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Born Again

“Salvation, then, is more than forgiveness of sins, more than a mental acceptance of Christ and His teachings. For in salvation we are given union with God through Christ, a right and full relationship with the Holy Trinity, and the restoration of our full humanity. All these things are accomplished through the Incarnation, the union of God and man in the Person of Jesus Christ. Salvation, then, is founded on a substantial union of the believer with Christ in His full humanity, a flesh-to-flesh relationship. Paul likens it to the joining of husband and wife (Eph 5:23–32).” (Orthodox Study Bible)

“Salvation is the divine gift through which men and women are delivered from sin and death, united to Christ, and brought into His eternal Kingdom. Those who heard Peter's sermon on the Day of Pentecost asked what they must do to be saved. He answered, "Repent, and let every one of you be baptized in the name of Jesus Christ for the remission of sins; and you shall receive the gift of the Holy Spirit" (Acts 2:38). Salvation begins with these three "steps": 1) repent, 2) be baptized, and 3) receive the gift of the Holy Spirit. To repent means to change our mind about how we have been, turning from our sin and committing ourselves to Christ. To be baptized means to be born again by being joined into union with Christ. And to receive the gift of the Holy Spirit means to receive the Spirit who empowers us to enter a new life in Christ, be nurtured in the Church, and be conformed to God's image.” (Antiochian Orthodox Archdiocese)

“The Lord revealed this one night to Nicodemus, teaching him that entering the Kingdom was not simply a matter of keeping the Law, but of being born again, born from above. That which is born once, of the flesh, remains merely flesh, and cannot enter the imperishable Kingdom. To enter that Kingdom one must also be born from above, by the Spirit (John 3:3f). Saint Peter echoed this teaching in his First Epistle, written to the newly-converted Christians of Pontus, Galatia, Cappadocia, Asia, and Bithynia. Before their baptism they were merely children of flesh, wandering in the futile pagan way of life inherited from their forefathers (1 Peter 1:18). But now, he wrote, they had been “born again to a living hope through the resurrection of Jesus Christ from the dead” (v.3). Their former birth, of course, came through the seed of men, but this new birth came “not of seed which is perishable but imperishable, that is through the living and abiding word of God,” the very Gospel word “which was preached to you” (v.23, 25).” (Fr. Lawrence Farley)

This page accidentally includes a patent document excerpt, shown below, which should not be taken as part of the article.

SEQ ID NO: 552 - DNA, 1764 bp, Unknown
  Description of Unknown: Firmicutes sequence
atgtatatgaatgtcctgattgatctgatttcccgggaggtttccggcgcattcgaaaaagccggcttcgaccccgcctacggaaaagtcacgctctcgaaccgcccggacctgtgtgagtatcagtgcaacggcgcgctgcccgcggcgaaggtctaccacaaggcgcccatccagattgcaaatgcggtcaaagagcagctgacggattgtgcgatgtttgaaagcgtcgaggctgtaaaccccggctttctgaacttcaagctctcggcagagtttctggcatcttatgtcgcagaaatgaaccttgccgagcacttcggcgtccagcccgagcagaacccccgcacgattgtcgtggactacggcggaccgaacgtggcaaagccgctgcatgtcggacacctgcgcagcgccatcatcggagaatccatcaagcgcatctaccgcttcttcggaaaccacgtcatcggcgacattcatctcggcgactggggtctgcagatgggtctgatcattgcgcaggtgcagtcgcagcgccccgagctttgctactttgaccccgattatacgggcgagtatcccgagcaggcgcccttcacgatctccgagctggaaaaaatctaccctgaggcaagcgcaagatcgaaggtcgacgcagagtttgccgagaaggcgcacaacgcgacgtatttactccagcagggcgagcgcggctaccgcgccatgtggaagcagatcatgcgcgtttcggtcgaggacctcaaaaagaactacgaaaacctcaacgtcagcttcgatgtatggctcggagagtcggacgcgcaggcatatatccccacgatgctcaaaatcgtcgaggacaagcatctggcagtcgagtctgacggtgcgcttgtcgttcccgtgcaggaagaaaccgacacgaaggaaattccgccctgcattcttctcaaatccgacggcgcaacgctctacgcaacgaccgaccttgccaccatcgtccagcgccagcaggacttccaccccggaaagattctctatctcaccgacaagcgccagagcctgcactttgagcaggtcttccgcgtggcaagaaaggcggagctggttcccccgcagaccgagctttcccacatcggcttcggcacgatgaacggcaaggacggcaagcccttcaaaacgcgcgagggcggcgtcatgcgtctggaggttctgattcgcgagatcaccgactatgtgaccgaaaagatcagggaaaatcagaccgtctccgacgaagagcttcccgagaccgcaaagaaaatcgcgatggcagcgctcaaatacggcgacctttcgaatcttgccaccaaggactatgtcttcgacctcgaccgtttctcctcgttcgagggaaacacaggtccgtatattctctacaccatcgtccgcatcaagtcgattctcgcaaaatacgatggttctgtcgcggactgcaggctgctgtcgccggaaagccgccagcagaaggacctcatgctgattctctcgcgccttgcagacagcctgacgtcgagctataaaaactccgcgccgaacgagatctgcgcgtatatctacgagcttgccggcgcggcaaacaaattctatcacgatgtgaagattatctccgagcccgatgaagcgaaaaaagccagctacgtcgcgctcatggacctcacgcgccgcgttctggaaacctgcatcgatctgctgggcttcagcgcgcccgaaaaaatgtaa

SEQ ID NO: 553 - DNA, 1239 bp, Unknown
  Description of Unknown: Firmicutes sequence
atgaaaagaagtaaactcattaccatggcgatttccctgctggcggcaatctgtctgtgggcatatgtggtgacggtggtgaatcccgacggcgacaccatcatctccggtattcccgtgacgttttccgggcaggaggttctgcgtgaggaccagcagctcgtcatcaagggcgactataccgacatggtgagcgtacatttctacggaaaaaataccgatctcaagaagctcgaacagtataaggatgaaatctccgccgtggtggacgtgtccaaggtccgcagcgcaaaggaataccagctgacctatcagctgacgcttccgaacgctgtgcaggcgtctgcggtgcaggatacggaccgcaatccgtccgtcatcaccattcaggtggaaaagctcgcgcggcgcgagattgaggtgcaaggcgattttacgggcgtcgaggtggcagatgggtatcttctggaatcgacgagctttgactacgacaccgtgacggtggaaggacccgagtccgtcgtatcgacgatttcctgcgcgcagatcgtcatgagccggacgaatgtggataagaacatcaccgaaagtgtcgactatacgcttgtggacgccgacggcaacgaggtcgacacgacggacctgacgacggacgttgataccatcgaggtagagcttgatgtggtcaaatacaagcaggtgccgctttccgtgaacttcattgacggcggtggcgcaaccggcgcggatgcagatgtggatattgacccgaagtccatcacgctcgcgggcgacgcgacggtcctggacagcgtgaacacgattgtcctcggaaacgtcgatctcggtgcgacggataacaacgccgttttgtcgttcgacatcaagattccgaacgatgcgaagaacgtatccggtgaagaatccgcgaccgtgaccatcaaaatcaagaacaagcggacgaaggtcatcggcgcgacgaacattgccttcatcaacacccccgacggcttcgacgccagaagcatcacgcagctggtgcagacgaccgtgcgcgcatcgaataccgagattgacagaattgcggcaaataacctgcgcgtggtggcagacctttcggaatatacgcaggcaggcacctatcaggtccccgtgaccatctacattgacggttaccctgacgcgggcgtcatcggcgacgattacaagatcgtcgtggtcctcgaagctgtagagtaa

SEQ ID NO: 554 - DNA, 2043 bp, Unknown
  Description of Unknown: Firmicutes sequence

“In the Christian Church the practice of baptism takes on a new and particular significance. It no longer remains merely a sign of moral change and spiritual rebirth. It becomes very specifically the act of a person’s death and resurrection in and with Jesus. Christian baptism is man’s participation in the event of Easter. It is a “new birth by water and the Holy Spirit” into the Kingdom of God (Jn 3.5).” (Fr. Thomas Hopko)

“ ‘Born again.” The word anothen originally meant ‘from above’ [cf. Luke 1:2], then ‘again’ [cf. Galatians 4:9], and even ‘from the top’ [cf. John 19:23, Mark 15:38]. Nicodemos takes the meaning to be ‘again,’ a second birth form the womb. The Vulgate translates it by renatus fuerit denuo…In other passages the meaning ‘is from above’ and usually so in the Gospels.” (Holy Apostles Convent)

“Born again: The word again can also be translated “from above” and clearly refers to the heavenly birth from God through faith in Christ (1:12, 13). This heavenly birth is baptism (v. 5) and our adoption by God as our Father (Gal 4:4–7). This new birth is but the beginning of our spiritual life, with its goal being entrance into the kingdom of God.” (Orthodox Study Bible, John 3:3)

“Nicodemus interprets the Lord’s miracles or signs as proof that “God is with Him” (John 3:2). However, the Lord immediately takes control of the discussion by insisting that one must be born again to “see the kingdom of God” (John 3:3). His point is that the kingdom of God is present, but cannot be seen by those who, like Nicodemus, notice only tangible results or effects. Because they are not spiritually regenerated – born again – such people fail to perceive the Kingdom. The Lord then deepens the topic of regeneration further, speaking of how we are spiritually reborn. A new birth is required “of water and the Spirit” (John 3:5), a clear reference to the mysteries of baptism and chrismation. Subsequently, the Lord Jesus explains how these mysteries transform a person spiritually, saying, “That which is born of the Spirit is spirit” (John 3:6). Rebirth, as an action of the Holy Spirit, is beyond human control, and “so is everyone who is born of the Spirit” (John 3:8).” (Dynamis 4/23/2020)

“Our human nature itself is altered by that divine act that makes us sharers in the glory of the Lord, "being transformed into the same image from glory to glory, just as by the Spirit of the Lord" (2 Corinthians 3:18). This is the alteration of our humanity whereby we "become partakers of the divine nature" (2 Peter 1:4), and this is what it means to be “born again.” (Fr. Patrick Reardon)

“We die to live. That is the beautiful paradox straight out of the Biblical idea of being ‘born again’ or ‘in losing one’s life to find it.’ When all that goes with it, gradually dies, and we acquire a different and better way of life. As our shortcomings are removed, one life of us dies, and another life of us lives.” (Fr. Bogdan Djurdjulov)


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